Subject(s)
COVID-19 , Adult , COVID-19/diagnosis , COVID-19 Testing , COVID-19 Vaccines , Clinical Laboratory Techniques/methods , Cross-Sectional Studies , Female , Humans , Male , Point-of-Care Systems , Polymerase Chain Reaction , SARS-CoV-2/genetics , Sensitivity and Specificity
5.
PLoS One ; 17(6): e0269798, 2022.
Article in English | MEDLINE | ID: covidwho-2021801

ABSTRACT

Clinical evidence for asymptomatic cases of coronavirus disease (COVID-19) has reinforced the significance of effective surveillance testing programs. Quantitative reverse transcriptase polymerase chain reaction (RT-qPCR) assays are considered the 'gold standard' for detection of severe acute respiratory syndrome coronavirus 2 (SARS-CoV-2) RNA. However, the labor and resource requirements can be prohibitive with respect to large testing volumes associated with the pandemic. Pooled testing algorithms may serve to increase testing capacity with more efficient resource utilization. Due to the lack of carefully curated cohorts, there is limited evidence for the applicability of RT-PCR pooling in asymptomatic COVID-19 cases. In this study, we compared the analytical sensitivity of the TaqMan™ SARS-CoV-2 Pooling Assay to detect one positive sample in a pool of five anterior nares swabs in symptomatic and asymptomatic cohorts at an institute of higher education. Positive pools were deconvoluted and each individual sample was retested using the TaqPath™ COVID-19 Combo Kit. Both assays target the open reading frame (ORF) 1ab, nucleocapsid (N), and spike (S) gene of the strain that originated in Wuhan, Hubei, China. Qualitative results demonstrated absolute agreement between pooled and deconvoluted samples in both cohorts. Independent t-test performed on Ct shifts supported an insignificant difference between cohorts with p-values of 0.306 (Orf1ab), 0.147 (N), and 0.052 (S). All negative pools were correctly reported as negative. Pooled PCR testing up to five samples is a valid method for surveillance testing of students and staff in a university setting, especially when the prevalence is expected to be low.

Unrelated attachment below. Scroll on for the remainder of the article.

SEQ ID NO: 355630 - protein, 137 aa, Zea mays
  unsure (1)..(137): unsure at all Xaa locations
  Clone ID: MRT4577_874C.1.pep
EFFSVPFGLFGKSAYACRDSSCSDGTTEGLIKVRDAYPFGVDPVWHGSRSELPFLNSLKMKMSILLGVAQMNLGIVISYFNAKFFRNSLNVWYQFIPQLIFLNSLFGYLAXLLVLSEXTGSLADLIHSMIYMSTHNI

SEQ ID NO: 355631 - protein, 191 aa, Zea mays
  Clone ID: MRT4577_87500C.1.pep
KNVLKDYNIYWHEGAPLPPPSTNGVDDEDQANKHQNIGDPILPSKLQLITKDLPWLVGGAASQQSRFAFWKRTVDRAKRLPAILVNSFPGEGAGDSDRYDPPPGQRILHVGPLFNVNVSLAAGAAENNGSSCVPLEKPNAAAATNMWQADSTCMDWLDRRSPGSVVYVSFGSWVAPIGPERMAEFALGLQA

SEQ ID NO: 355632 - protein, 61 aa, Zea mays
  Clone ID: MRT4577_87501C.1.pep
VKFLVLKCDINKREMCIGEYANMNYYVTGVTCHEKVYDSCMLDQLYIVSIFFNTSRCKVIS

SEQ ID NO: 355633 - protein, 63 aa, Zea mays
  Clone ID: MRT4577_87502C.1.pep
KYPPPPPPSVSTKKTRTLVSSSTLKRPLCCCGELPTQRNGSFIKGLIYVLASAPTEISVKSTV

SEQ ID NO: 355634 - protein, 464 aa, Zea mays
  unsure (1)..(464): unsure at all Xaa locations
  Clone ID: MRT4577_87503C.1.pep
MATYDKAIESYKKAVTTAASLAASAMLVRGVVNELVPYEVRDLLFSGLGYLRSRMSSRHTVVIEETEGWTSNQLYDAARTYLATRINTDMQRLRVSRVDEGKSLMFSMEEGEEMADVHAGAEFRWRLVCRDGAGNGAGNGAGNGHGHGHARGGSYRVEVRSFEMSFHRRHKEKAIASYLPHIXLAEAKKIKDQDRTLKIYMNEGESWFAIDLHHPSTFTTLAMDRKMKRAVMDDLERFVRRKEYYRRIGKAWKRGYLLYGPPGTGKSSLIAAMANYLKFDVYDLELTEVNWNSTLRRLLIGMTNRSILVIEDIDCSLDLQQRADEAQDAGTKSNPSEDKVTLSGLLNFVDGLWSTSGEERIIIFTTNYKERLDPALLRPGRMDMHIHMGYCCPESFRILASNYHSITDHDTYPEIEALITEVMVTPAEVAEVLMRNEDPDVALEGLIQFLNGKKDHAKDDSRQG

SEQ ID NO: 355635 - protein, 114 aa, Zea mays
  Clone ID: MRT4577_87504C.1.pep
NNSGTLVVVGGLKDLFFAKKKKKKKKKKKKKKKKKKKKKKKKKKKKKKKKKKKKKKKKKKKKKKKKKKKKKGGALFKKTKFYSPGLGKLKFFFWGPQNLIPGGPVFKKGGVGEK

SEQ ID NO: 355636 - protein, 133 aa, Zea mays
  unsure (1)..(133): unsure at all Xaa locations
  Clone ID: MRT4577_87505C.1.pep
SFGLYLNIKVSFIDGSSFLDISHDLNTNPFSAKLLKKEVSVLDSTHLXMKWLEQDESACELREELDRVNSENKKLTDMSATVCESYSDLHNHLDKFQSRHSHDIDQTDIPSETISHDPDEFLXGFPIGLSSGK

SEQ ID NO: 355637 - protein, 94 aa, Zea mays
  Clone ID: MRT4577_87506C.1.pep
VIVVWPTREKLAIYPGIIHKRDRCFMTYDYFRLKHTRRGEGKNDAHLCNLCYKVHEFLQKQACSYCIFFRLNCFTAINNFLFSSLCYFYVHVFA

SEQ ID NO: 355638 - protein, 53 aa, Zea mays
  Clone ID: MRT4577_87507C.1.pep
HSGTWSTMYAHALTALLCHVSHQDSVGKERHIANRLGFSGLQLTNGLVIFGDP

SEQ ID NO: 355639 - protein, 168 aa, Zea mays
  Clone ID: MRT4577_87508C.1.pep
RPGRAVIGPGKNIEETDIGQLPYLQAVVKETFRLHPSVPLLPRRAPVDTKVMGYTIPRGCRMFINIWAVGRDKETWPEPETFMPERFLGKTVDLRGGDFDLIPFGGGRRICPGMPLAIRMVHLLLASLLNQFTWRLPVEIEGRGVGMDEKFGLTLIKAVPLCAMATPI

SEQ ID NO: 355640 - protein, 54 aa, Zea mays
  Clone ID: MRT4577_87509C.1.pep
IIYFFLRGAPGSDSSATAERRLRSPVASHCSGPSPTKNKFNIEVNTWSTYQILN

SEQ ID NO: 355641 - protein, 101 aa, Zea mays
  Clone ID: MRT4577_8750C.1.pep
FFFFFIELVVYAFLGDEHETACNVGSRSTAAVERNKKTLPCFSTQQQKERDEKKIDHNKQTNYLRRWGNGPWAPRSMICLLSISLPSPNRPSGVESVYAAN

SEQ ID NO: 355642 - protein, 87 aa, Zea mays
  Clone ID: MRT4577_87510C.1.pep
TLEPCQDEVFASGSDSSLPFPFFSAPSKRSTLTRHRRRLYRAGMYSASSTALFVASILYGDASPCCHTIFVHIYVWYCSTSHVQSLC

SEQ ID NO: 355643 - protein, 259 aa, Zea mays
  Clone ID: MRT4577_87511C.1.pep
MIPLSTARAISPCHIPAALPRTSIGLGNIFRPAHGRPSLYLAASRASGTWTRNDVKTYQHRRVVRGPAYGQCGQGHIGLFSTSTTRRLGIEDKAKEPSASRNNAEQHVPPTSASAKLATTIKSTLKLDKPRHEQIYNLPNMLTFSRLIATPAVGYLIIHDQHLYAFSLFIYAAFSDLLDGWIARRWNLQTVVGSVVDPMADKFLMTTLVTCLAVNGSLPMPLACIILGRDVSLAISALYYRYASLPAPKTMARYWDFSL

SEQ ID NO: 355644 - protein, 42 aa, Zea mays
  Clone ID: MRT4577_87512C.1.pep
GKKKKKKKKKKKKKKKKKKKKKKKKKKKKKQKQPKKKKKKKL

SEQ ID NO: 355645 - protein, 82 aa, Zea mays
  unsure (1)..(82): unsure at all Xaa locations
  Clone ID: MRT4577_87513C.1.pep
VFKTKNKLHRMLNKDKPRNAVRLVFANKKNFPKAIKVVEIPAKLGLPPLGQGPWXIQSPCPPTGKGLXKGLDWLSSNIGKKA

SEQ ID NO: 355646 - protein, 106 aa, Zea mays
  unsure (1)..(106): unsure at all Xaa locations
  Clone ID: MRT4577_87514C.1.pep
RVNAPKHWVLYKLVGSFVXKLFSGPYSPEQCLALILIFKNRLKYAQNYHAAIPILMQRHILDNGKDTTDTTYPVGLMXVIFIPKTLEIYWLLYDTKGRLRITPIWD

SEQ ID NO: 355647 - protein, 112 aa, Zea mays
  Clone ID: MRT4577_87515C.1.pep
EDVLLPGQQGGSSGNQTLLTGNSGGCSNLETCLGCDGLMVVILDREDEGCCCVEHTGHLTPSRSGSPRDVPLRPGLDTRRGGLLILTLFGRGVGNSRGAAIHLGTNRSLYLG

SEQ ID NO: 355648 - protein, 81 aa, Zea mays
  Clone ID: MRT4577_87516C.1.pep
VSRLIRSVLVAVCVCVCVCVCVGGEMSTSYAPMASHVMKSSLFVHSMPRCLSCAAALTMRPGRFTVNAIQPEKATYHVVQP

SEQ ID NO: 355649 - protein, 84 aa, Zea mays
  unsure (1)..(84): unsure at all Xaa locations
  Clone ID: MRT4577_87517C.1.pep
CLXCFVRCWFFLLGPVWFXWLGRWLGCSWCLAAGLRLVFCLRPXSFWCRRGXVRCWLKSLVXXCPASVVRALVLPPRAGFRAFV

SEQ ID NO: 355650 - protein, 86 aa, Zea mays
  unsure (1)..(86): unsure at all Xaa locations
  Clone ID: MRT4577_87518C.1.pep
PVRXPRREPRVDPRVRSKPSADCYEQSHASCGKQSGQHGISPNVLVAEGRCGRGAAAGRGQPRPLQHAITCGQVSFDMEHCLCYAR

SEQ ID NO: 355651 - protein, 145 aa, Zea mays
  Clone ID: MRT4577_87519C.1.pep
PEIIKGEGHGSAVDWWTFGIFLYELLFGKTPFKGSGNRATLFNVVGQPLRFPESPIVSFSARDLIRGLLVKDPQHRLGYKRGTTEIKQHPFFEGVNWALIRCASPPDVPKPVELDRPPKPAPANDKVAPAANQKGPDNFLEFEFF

Subject(s)
COVID-19 , SARS-CoV-2 , COVID-19/diagnosis , COVID-19 Testing , Clinical Laboratory Techniques/methods , Humans , Pandemics , SARS-CoV-2/genetics , Sensitivity and Specificity
6.
Enferm Infecc Microbiol Clin (Engl Ed) ; 40(5): 262-265, 2022 May.
Article in English | MEDLINE | ID: covidwho-2015163

ABSTRACT

INTRODUCTION: SARS-CoV-2variants of concern (VOC) have been described in the UK (B.1.1.7), South Africa (B.1.351) and Brazil (P.1). Among them, the most scarce information has been obtained from the P.1 variant and more data on its global presence and about its spreading dynamics are needed. METHODS: Whole genome sequencing was performed prospectively on travellers arriving from Brazil and on a random selection of SARS-CoV-2 positive cases from our population. RESULTS: In this study we report the first SARS-CoV-2 P.1 and P.2 variants exported from Brazil to Spain. The case infected with the P.1 variant, who had only stayed in Rio de Janeiro, required hospitalisation. The two P.2 cases remained asymptomatic. A wider distribution for P.1 variant beyond the Brazilian Amazonia should be considered. The exportation of the P.2 variant, carrying the E484K mutation, deserves attention. One month after the first description of P.1 and P.2 importations from Brazil to Madrid, these variants were identified circulating in the community, in cases without a travel history, and involved in household transmissions CONCLUSION: Whole genome sequencing of SARS-CoV-2 positive travellers arriving from Brazil allowed us to identify the first importations of P.1 and P.2 variants to Spain and their early community transmission.